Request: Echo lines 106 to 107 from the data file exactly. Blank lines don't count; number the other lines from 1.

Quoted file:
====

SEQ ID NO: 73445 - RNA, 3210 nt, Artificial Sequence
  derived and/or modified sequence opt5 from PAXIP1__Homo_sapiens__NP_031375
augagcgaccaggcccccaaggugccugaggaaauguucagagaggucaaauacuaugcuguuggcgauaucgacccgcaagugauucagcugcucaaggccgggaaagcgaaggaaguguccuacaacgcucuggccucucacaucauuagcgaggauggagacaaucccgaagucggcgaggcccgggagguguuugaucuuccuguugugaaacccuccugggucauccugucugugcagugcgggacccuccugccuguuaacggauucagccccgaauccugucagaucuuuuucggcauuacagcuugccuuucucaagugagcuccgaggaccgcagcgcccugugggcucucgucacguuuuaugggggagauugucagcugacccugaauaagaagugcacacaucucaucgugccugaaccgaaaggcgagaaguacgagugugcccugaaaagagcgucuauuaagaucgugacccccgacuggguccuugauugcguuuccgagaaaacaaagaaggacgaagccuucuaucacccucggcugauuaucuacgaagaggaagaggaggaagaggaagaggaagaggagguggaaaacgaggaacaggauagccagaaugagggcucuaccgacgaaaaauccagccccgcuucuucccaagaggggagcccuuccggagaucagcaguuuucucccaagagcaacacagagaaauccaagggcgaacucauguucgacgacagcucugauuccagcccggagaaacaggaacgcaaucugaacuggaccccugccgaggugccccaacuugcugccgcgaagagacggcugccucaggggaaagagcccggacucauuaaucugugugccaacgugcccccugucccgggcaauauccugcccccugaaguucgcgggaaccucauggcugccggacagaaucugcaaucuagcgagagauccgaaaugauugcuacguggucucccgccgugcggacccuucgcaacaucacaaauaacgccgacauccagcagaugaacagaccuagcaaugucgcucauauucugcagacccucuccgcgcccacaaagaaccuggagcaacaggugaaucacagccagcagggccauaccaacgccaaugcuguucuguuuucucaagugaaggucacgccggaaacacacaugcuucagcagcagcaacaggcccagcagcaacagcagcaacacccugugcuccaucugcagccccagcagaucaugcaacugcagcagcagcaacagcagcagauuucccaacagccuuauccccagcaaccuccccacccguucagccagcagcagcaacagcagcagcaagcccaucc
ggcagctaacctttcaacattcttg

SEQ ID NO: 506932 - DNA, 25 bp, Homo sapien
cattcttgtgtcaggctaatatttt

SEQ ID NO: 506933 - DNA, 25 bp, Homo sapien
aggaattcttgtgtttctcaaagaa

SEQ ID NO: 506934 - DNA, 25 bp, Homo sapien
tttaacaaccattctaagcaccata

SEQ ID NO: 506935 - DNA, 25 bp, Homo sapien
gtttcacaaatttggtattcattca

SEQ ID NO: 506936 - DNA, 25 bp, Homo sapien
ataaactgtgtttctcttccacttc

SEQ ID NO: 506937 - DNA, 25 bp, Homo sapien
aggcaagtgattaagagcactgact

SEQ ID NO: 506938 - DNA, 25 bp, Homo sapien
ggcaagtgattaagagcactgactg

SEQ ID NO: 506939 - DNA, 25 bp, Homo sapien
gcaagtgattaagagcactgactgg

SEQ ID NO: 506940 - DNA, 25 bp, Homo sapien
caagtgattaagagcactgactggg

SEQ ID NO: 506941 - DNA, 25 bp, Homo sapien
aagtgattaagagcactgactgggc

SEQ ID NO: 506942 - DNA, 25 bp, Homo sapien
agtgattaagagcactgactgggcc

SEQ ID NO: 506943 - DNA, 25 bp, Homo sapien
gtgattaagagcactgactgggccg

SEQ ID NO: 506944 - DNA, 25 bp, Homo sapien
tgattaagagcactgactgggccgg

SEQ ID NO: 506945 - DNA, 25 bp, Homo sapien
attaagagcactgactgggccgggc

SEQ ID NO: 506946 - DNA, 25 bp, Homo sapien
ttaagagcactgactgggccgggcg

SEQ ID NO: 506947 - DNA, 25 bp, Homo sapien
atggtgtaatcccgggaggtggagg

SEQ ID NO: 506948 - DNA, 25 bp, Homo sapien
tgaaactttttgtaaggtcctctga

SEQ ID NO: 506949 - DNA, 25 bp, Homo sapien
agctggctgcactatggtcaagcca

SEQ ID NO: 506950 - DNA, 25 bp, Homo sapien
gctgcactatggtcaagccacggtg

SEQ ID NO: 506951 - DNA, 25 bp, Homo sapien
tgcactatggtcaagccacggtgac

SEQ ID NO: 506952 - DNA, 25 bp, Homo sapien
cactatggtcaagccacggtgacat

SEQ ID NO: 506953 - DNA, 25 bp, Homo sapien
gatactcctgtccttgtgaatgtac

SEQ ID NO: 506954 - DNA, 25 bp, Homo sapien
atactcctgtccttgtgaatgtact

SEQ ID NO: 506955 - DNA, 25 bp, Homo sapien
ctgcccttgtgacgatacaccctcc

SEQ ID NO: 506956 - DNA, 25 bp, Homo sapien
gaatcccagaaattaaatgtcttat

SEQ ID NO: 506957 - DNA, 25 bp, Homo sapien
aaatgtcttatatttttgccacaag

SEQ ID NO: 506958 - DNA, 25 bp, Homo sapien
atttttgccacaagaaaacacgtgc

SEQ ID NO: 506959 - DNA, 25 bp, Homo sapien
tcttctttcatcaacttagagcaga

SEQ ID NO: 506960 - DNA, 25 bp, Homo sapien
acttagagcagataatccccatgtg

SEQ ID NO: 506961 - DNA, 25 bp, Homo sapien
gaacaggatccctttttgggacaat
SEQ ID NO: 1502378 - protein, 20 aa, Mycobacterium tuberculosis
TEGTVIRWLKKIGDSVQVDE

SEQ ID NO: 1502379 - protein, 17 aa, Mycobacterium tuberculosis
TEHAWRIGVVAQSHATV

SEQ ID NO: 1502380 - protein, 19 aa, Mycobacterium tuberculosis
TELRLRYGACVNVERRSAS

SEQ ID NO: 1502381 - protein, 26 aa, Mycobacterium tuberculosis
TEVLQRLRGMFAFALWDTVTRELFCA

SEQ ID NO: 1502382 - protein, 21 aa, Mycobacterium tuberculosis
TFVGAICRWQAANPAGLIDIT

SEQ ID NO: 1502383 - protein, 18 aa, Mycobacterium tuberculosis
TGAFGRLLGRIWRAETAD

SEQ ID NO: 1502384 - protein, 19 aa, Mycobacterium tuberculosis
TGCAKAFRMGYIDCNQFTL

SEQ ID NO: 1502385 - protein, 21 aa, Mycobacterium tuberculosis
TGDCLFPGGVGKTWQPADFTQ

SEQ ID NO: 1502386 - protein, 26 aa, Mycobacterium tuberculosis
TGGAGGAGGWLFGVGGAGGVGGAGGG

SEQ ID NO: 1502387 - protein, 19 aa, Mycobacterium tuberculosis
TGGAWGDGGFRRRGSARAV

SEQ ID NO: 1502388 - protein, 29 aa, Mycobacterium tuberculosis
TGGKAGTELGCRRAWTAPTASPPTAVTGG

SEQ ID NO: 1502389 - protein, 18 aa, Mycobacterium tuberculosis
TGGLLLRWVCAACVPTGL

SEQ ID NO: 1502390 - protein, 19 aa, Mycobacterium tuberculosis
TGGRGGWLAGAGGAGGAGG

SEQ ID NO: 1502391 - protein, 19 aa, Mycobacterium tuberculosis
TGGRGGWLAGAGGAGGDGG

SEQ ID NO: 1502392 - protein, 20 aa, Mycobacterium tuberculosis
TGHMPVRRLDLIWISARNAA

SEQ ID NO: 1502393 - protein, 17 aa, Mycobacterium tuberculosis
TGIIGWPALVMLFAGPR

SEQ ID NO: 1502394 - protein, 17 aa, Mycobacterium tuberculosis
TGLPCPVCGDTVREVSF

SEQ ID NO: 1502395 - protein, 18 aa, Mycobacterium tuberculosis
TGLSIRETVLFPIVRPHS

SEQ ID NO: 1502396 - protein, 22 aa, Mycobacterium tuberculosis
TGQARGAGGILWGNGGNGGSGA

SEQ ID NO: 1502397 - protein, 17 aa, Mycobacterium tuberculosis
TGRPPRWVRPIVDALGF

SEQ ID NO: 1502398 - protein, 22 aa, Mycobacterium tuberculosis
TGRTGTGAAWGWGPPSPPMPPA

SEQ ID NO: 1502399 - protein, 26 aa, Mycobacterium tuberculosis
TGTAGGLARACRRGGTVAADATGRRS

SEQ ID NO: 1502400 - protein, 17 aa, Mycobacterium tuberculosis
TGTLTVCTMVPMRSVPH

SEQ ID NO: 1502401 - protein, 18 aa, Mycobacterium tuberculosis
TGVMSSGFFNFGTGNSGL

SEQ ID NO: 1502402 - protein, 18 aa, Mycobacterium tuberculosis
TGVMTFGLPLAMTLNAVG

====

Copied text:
TGRTGTGAAWGWGPPSPPMPPA

SEQ ID NO: 1502399 - protein, 26 aa, Mycobacterium tuberculosis